A heart attack occurs when one of the heart's coronary arteries is blocked suddenly, usually by a tiny blood clot (thrombus). The blood clot typically forms inside a coronary artery that already has been narrowed by atherosclerosis, a condition in which fatty deposits (plaques) build up along the inside walls of blood vessels. A heart attack also is called a myocardial infarction or coronary thrombosis.
Each coronary artery supplies blood to a specific part of the heart's muscular wall, so a blocked artery causes pain and malfunction in the area it supplies. Depending on the location and amount of heart muscle involved, this malfunction can seriously interfere with the heart's ability to pump blood. Also, some of the coronary arteries supply areas of the heart that regulate heartbeat, so a blockage sometimes causes potentially fatal abnormal heartbeats, called cardiac arrhythmias. The pattern of symptoms that develops with each heart attack and the chances of survival are linked to the location and extent of the coronary artery blockage.
Most heart attacks result from atherosclerosis, the risk factors for heart attack and atherosclerosis are basically the same:
An abnormally high level of blood cholesterol (hypercholesterolemia)
An abnormally low level of HDL (high-density lipoprotein), commonly called "good cholesterol"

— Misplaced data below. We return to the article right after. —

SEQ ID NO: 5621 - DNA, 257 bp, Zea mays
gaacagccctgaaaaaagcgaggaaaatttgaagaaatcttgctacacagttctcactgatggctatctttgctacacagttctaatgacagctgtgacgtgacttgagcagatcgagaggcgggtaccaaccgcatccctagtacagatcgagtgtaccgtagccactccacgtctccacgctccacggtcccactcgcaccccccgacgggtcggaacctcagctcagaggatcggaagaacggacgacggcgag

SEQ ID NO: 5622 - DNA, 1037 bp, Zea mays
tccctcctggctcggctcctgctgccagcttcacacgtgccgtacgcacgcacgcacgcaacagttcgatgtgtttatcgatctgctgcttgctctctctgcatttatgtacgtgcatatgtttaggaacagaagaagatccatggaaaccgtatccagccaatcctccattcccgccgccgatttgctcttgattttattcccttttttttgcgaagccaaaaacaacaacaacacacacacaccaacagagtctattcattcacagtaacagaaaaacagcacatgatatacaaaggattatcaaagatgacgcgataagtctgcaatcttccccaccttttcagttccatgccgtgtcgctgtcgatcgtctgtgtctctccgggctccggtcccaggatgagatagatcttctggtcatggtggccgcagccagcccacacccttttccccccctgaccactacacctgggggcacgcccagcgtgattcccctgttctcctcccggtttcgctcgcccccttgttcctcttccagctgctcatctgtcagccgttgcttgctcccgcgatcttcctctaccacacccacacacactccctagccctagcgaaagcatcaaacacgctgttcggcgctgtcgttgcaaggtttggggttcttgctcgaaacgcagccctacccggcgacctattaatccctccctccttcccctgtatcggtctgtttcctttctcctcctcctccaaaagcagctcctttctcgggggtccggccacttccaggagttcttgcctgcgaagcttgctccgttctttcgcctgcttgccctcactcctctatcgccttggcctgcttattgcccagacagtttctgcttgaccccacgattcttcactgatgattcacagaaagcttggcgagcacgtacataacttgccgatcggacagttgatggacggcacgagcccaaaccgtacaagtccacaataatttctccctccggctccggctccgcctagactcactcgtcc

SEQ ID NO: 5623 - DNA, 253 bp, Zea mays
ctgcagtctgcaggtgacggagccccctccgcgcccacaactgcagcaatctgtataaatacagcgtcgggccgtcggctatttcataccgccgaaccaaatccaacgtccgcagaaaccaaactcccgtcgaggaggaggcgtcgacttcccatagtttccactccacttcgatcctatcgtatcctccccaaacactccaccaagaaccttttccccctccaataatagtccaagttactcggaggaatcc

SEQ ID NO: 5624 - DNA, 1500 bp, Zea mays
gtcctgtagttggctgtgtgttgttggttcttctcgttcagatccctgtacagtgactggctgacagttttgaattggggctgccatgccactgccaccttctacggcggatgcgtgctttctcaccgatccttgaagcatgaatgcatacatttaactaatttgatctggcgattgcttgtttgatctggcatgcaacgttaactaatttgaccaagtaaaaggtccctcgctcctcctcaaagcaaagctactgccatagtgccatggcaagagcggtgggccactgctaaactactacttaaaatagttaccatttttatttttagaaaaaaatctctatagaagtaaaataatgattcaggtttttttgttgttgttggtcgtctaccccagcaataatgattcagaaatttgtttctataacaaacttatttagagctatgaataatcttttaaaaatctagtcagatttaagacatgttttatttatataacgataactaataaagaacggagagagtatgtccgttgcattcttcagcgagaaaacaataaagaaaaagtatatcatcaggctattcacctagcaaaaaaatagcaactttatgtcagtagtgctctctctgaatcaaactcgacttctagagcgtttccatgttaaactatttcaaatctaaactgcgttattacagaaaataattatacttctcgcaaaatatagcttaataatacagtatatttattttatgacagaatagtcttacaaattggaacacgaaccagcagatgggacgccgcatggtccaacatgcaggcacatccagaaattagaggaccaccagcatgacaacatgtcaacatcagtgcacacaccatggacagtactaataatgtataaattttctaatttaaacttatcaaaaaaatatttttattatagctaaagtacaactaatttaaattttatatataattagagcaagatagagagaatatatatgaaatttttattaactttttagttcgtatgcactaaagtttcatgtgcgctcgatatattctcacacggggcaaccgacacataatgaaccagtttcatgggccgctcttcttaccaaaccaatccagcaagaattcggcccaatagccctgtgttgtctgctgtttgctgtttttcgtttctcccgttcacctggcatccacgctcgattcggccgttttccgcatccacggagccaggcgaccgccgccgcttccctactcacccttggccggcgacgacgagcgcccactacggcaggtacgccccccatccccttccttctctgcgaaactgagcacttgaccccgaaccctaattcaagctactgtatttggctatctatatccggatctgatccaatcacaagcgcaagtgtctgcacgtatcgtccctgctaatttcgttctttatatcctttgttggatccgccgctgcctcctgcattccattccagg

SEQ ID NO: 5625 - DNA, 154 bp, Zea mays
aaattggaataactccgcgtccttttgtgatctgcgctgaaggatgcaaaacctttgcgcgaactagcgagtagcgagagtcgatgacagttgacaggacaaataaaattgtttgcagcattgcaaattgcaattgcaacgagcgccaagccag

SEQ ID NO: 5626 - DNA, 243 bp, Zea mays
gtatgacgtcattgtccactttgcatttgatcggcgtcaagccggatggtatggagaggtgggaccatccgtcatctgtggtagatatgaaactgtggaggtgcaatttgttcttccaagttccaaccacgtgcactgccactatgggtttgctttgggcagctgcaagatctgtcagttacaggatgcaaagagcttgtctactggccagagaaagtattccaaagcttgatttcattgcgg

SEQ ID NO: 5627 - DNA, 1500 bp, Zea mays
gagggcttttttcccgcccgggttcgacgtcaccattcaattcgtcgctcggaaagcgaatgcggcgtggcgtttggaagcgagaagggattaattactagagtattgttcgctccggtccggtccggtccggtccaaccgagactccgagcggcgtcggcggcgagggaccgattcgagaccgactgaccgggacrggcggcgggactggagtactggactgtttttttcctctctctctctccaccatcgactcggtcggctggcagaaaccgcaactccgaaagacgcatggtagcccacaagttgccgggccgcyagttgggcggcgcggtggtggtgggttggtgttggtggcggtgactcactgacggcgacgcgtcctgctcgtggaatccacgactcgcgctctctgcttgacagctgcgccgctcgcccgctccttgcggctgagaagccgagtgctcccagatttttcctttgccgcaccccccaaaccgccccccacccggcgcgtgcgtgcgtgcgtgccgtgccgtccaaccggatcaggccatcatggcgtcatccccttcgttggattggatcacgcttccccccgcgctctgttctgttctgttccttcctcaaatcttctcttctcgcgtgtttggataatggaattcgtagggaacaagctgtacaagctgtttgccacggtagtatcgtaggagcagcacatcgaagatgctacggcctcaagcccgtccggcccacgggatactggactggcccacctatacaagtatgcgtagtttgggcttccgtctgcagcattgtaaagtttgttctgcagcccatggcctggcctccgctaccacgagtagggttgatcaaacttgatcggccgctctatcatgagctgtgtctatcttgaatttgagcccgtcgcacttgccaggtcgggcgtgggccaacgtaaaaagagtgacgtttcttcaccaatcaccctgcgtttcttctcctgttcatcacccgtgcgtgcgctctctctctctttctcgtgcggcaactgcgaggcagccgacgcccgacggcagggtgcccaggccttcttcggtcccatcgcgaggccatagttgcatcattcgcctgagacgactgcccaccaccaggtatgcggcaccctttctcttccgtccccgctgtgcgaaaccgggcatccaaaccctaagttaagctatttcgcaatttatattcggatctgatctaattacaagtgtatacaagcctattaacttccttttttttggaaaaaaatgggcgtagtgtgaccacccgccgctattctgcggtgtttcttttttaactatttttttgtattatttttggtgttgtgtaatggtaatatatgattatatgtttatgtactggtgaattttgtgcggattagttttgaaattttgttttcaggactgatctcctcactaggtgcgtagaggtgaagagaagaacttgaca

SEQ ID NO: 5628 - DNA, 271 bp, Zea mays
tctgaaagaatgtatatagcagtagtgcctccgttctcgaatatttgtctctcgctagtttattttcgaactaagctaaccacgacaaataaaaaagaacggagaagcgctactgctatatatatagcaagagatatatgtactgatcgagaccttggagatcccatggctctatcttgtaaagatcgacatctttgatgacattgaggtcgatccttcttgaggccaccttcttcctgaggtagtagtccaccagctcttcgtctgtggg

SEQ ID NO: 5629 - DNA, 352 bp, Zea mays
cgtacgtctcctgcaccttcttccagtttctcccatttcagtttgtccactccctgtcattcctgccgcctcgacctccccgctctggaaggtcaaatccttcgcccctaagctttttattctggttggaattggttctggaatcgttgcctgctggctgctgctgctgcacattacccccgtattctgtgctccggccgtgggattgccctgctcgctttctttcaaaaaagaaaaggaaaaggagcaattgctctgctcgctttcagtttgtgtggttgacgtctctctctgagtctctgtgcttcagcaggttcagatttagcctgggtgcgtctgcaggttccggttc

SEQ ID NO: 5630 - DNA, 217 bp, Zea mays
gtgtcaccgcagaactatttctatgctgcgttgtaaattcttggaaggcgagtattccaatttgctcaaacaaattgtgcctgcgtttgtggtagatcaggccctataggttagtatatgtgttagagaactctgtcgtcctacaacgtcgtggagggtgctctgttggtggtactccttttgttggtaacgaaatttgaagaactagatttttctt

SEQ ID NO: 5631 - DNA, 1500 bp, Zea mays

High blood pressure (hypertension)
Family history of coronary artery disease at an early age
Physical inactivity (too little regular exercise)
In early middle age, men have a greater risk of heart attack than women. However, a woman's risk increases once she begins menopause. This could be the result of a menopause-related decrease in levels of estrogen, a female sex hormone that may offer some protection against atherosclerosis.
Although most heart attacks are caused by atherosclerosis, there are rarer cases in which heart attacks result from other medical conditions. These include congenital abnormalities of the coronary arteries, hypercoagulability (an abnormally increased tendency to form blood clots), a collagen vascular disease, such as rheumatoid arthritis or systemic lupus erythematosus (SLE, or lupus), cocaine abuse, a spasm of the coronary artery, or an embolus (small traveling blood clot), which floats into a coronary artery and lodges there.